Upon request, I’ve added nesting and multiple tab sets to the plugin. Please enjoy! Read More »
This is a tight little jQuery tabs plugin that will activate and prevent scroll on load when there’s a URL hash, or do nothing if the hash isn’t one the tabs. It’ll also check if there are links to other tabs in the content. It’s got object literal organization and a little fun progressive enhancement.
Once again, I found a standard-use script lacking magic, and this time it was my group’s go-to tabs plugin. It used a standard flavor of JS without leveraging any library, and it was bad. Switching between tabs took about a second, and even more was added to page load.
By using jQuery, we can cut that to a tiny fraction, while still keeping all the same functionality. Read More »
Do you hate when form inputs don’t have a <label> tag around the descriptive text? It’s POOR FORM to only give users a ten-pixel interaction area, especially considering touch devices and high-resolution screens.
Here’s an explanation of why labels are better for UX, and a quick jQuery solution that will help speed up your workflow. Read More »
One might ask, why are we using CVS? Faster, more efficient and wieldy version control systems exist, like SVN and GIT, each with quicker setup and user-friendly graphic interfaces. In a similar vein, we could also ask “Why do we work, when we could just do whatever we wanted all day?” or, “Why is this night different from other nights?”
Unfortunately, the equipement we’re asked to use sometimes makes choices for us. But regardless of your feelings concerning CVS, this should make it easier to install the tool on a late model Mac running Snow Leopard to Mountain Lion. Wouldn’t you prefer to only run this each time you commit?
$ cvsbeta components/* wrappers/index.jsp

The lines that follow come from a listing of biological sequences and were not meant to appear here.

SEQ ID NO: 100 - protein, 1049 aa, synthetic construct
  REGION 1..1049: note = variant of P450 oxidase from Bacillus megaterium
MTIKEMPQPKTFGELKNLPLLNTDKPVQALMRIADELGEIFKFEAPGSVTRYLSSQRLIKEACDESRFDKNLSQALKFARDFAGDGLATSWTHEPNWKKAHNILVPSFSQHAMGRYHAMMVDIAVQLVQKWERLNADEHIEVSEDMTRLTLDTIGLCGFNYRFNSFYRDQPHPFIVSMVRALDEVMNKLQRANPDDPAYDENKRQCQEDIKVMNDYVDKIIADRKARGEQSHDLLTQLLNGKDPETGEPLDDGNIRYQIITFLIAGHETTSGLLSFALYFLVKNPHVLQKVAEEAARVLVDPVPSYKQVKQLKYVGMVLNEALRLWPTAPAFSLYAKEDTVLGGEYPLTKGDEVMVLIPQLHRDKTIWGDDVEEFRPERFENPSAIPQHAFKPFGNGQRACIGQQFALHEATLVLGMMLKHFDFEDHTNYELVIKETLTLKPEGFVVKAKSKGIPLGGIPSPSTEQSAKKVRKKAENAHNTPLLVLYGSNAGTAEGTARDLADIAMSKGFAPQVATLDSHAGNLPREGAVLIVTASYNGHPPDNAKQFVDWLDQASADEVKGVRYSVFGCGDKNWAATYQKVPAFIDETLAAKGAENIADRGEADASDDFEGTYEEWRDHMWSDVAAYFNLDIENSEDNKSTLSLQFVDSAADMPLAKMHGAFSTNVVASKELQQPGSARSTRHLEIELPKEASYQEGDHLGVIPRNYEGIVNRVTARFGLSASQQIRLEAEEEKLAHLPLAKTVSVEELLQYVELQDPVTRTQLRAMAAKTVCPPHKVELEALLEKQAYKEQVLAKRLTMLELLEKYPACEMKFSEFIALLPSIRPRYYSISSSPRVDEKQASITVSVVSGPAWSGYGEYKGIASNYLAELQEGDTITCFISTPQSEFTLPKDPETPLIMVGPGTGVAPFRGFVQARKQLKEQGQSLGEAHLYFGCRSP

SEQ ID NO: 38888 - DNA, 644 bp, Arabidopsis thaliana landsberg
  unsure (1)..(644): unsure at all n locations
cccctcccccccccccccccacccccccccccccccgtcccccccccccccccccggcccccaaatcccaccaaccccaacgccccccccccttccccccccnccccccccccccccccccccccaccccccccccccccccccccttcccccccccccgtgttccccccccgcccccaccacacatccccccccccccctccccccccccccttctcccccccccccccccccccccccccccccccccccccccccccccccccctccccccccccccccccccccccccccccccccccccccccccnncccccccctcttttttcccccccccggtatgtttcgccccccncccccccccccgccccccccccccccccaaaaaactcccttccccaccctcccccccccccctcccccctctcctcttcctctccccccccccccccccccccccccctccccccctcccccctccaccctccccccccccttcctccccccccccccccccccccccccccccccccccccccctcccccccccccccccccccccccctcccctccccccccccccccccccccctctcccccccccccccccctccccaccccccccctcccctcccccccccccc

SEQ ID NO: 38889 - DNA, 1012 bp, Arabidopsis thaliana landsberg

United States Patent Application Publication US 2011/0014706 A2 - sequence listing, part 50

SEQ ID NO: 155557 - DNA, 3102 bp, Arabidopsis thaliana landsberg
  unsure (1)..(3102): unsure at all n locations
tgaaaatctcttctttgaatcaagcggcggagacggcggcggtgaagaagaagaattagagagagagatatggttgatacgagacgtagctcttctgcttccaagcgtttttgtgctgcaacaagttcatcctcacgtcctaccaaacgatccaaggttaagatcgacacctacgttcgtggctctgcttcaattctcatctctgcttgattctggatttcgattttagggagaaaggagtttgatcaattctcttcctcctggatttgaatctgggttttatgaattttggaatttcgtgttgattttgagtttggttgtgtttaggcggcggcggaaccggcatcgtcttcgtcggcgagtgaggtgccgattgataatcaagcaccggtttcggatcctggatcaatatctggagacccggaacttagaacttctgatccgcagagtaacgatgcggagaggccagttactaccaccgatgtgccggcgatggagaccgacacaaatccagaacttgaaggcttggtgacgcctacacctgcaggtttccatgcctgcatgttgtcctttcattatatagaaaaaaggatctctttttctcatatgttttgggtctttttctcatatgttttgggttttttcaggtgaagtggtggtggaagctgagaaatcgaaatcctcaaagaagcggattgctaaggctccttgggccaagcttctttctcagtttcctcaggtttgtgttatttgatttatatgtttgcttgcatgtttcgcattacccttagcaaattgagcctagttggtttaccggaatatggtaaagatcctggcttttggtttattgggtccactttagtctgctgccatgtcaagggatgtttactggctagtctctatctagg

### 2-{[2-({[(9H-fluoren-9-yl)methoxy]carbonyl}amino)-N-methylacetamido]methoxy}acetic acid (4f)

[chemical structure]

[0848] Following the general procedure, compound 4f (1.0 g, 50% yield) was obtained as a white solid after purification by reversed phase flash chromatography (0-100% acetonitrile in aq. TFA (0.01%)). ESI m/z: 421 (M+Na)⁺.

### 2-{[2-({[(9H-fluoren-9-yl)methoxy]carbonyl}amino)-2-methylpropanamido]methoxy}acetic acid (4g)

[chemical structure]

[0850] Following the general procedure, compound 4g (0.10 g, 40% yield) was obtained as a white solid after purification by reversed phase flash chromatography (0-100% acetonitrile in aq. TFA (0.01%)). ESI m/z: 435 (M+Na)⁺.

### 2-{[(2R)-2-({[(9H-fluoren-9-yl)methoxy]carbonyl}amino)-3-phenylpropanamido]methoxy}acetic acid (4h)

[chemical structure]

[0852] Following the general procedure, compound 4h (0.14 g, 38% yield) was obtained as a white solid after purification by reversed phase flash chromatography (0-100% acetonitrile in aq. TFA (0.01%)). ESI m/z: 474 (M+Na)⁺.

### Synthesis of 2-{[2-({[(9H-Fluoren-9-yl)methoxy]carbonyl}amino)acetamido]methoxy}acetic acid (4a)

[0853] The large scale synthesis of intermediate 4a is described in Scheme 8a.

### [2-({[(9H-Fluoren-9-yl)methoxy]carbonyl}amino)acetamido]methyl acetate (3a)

This guide is aimed at those of y’all who have local admin rights and are relatively comfortable working in the command line (Terminal, Bash, you know what I’m talking about). Read More »
Yesterday I decided I would get MooTools off my site once and for all. No offense to any of y’all who are still fans, I’m just a bigger fan of jQuery now. After a few minutes of Googling for a “jquery horizontal accordion” and finding most to be too heavy, unwieldy or have too many requirements, I decided to make my own, and make it really small. Read More »
As I’m sure you’re already aware, CSS3 is really pretty wonderful. Along with transitions, which can create animations in a tiny fraction of the old code and time, one of the best features is text-shadow.
Some great reasons to use the text-shadow property:
- Allows us to make pretty headings, hover states and calls-to-action in moments
- Drastically reduces monotonous work doing Photoshop layer blending, saving for web, uploading, HTML tag editing and cache clearing
- Best of all, it lets us keep the text dynamic! This is great for those of us who pass on a project to a less technically inclined colleague or client. I know you’d rather it didn’t get passed back to you for each of the twenty pixel-pushing revision requests, and maybe it can even go into the CMS!
Read More »
CSS3 Transitions are fun stuff! With only a couple dozen characters, it’s possible to create beautiful interactions with dynamic pseudo-classes, which once was relegated entirely to Flash or dozens of lines of JS.
Of course there are some problems, though. One must take into account all the idiosyncrasies of the myriad browser engines, and include their vendor prefixes. The older, crappier browsers don’t support them at all, and if you’re expected to mimic the functionality in IE6, your are in for a very long, annoying day.
Benefits and speed bumps aside, it can be difficult sometimes to get exactly the transition you want. For example, when you’d like to transition one background image to another with a fade. Read More »
For years I’ve been telling myself to sit down and actually write something worth saying, and share it with everyone. While this seems a bit like a self-improvement session at the moment, I hope it will actually be of some use to someone else as soon as possible.
Until then, here’s the most significant and profound photograph ever taken, the Hubble Ultra Deep Field, created by photons which travelled for over 13 billion (!) years. That’s pretty crazy on its own, but the story behind the image twists my mind around. Hubble was aimed at what appeared to be empty sky, proving there’s *way more* out there than anyone ever imagined. Read More »